Day 10 was spent exploring the Antrim Coast with The Giant's Causeway number one on our list. The Giant's Causeway is accessible both day and night without charge, but parking was 5 euro per car after 0930. We went early to get some tourist-free pictures, but it's nice to be there after the Visitor's center opens to acquire a map with specifics about the site. The view from the top is impressive. The Shepherd's Steps are pretty steep; we took the loop down to the Giant's Causeway, walked through the Giant's Gate, saw the Giant's Boot, the Giant's Organ (what appears to be huge organ pipes in the cliff face), the Amphitheatre, Giant's Eyes and came up (instead of going down) the Shepherd's Steps. The Giant's Causeway was the result of volcanic activity that took place over 60 million years ago, but the legend as to how they were created is unique. Finn McCool, an Irish Giant supposedly created a path so that he could cross the water from Ireland to Scotland to battle his arch rival the Scottish Giant Benandonner. The Giant's Causeway reminds me of Devil's Post pile in Mammoth Lakes, California. The Antrim Coast is scenic, but the Causeway is not what I thought it would be, it is much smaller. After departing the Giant's Causeway, we drove along the Causeway Coastal Route where there are a variety of unusual sites to explore such as 14th century Dunluce Castle, Old Bushmill's Distillery (the World's Oldest Distillery- 1608), Carrick-A-Rede Rope Bridge and scenic drives along Antrim's Coast and Glens. There are hiking trails through Glenariff Forest Park to waterfalls and a variety of other activities to do along this section of the coast.

We departed the Antrim Coast on Day 11 and headed south through Antrim, around Belfast, through Lisburn, Banbridge, Newry and Dundalk, back down to the area just northwest of Dublin that is rich in ancient Irish History. Our final destination for the day was Trim, but on the way we explored several fascinating sites.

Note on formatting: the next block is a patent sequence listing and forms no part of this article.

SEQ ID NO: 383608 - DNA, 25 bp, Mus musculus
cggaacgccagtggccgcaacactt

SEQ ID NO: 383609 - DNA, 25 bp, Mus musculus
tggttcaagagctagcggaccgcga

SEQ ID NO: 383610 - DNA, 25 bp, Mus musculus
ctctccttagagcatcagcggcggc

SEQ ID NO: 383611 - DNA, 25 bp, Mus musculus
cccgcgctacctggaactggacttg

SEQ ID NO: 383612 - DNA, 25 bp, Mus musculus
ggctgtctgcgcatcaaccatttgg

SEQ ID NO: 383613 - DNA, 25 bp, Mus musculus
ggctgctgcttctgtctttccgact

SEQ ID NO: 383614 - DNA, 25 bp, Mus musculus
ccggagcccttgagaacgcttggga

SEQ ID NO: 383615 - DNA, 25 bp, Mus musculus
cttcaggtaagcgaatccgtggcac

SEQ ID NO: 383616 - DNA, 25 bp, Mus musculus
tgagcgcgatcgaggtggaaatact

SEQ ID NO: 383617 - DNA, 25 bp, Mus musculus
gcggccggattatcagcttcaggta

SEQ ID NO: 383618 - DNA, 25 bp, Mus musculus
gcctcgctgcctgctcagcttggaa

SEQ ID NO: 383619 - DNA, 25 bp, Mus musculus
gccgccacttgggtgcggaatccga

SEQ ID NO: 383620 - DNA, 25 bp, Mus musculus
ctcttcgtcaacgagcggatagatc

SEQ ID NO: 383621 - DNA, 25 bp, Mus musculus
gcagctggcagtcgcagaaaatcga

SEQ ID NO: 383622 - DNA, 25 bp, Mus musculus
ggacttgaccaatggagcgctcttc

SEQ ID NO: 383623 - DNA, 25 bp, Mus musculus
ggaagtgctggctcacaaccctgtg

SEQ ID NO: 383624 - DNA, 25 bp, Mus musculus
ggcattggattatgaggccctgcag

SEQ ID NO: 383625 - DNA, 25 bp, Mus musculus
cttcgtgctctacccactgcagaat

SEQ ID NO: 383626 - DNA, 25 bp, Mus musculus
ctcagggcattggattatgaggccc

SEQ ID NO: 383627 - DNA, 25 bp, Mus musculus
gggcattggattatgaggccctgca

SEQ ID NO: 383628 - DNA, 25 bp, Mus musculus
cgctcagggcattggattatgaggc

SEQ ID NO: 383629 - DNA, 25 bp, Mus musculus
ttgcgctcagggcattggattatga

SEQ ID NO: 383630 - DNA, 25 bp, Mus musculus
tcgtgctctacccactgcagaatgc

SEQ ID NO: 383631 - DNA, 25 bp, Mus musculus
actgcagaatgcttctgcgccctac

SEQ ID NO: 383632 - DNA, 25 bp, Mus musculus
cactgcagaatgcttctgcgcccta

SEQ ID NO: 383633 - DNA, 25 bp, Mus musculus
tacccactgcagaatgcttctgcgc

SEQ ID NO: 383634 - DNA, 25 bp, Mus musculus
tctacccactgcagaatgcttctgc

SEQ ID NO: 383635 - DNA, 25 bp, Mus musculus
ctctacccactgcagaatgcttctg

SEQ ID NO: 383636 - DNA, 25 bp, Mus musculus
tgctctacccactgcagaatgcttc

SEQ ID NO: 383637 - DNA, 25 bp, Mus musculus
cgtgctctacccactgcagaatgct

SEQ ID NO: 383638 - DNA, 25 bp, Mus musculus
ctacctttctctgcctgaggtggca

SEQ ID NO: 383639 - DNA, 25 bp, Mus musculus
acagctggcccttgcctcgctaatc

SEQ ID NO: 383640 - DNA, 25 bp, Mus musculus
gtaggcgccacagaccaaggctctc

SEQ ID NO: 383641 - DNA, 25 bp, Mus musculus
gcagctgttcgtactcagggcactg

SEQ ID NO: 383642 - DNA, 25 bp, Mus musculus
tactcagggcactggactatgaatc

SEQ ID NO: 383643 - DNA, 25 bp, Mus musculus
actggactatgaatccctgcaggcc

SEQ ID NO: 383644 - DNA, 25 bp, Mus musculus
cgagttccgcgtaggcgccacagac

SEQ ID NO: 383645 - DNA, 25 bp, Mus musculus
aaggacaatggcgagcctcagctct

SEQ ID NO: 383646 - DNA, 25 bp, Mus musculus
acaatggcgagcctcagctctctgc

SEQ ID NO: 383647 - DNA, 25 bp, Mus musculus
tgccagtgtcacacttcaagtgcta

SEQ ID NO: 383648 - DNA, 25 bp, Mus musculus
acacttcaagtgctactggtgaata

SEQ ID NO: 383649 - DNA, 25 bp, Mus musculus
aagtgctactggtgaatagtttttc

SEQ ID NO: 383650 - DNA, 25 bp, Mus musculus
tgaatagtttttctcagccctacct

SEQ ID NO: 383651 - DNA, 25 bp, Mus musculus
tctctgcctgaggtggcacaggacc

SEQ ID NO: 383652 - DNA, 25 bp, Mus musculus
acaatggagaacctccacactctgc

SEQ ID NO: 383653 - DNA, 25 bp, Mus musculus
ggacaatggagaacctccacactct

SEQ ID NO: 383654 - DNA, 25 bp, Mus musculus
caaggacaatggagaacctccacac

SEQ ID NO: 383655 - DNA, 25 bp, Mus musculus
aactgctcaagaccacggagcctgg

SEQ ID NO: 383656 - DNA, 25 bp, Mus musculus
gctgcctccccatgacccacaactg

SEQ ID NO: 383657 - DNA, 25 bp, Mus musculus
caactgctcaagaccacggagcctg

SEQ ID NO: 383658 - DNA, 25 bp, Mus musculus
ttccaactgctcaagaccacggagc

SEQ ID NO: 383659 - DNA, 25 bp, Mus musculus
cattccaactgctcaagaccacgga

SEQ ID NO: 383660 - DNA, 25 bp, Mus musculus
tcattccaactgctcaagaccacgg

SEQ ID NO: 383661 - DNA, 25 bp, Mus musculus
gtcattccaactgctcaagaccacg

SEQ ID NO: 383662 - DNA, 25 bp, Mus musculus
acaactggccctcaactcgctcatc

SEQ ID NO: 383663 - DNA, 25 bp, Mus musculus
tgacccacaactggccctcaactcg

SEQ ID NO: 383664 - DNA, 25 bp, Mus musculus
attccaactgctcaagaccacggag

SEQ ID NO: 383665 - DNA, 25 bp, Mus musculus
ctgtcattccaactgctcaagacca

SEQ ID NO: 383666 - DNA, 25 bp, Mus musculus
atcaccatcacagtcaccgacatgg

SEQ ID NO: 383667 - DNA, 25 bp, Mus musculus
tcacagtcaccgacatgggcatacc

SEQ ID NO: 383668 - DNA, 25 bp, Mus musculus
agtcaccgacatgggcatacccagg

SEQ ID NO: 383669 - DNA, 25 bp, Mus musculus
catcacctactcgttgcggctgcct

First we stopped in Monasterboice, a 6th century Monastic Settlement in County Louth. There were two churches, a 110' round tower (one of Ireland's tallest) and 3 really impressive 10th century Celtic High Crosses, one of which is Muiredach's Cross with biblical scenes and the West Cross that is the tallest High Cross in Ireland. Next we journeyed on to see the ruins of 12th Century Mellifont Abbey in County Louth, which was the first Cistercian Abbey in all of Ireland.

One of the most popular sites to visit in this area is Newgrange, a cluster of three different Neolithic burial grounds that can be visited by tours leaving from the Bru na Boinne Visitor Center (County Meath). Newgrange, Knowth and Dowth are the three world heritage sites, but Newgrange is the only one that allows you access to the inside chamber. It was built about 3200 BC, is older than the pyramids in Egypt and is definitely worth a visit. These tours fill up quickly so arrive early to beat the tour buses from Dublin. You can arrange to visit both Newgrange and Knowth (but be sure to plan for the time as the buses depart 1 1/2 hours apart to visit the 2 sites). The museum is included in the price and the guides to the sites are quite knowledgeable.

From here we went to see The Battle of the Boyne site on the banks of the River Boyne in County Meath. This is most of the most important battles in Irish history- between the deposed King James the II of England (Catholic) and King William of Orange (Protestant). The Catholic King James lost and so began a long and bitter conflict between the two religions. The film and Battleground history at the Oldbridge House Visitor Center are definitely worth the visit.

From The Battle of the Boyne we headed over to nearby Drogheda in County Louth for a walking tour of the town. A brutal battle took place in Drogheda in 1649 in which Cromwell decimated the Garrison that defended this town, forcing them to surrender and then slaughtering them all. Among the sites to see in town were St Laurence's Gate (from the 13th century), The Thosel with its 18th century clock, St Peter's Church, the old Corn Exchange, St Peter's Church of Ireland, St Mary's Bridge (with a view of 19th century arched Boyne Viaduct), 18th century Millmount Military Barracks and the early 19th century Martello Tower. This was an interesting town, but if you are short of time be sure to include the other sites in the area first.

From Drogheda we headed toward the Town of Slane, an 18th century village that has four unusual Georgian houses on one corner on the main street through town. Take a short detour above the town to the "Hill of Slane." It was here that St Patrick lit the Easter fires in 433 in defiance to the then High King of Tara. These fires were visible from the Hill of Tara where the High King had decreed that no other fires could be lit before he lit the sacred fire there. St Patrick's explanation convinced the King of its importance and thus the beginning of Christianity and end of Paganism in Ireland. There is a 6th century Monastery and church on the Hill of Slane as well that you can explore with amazing view of County Meath and its surroundings.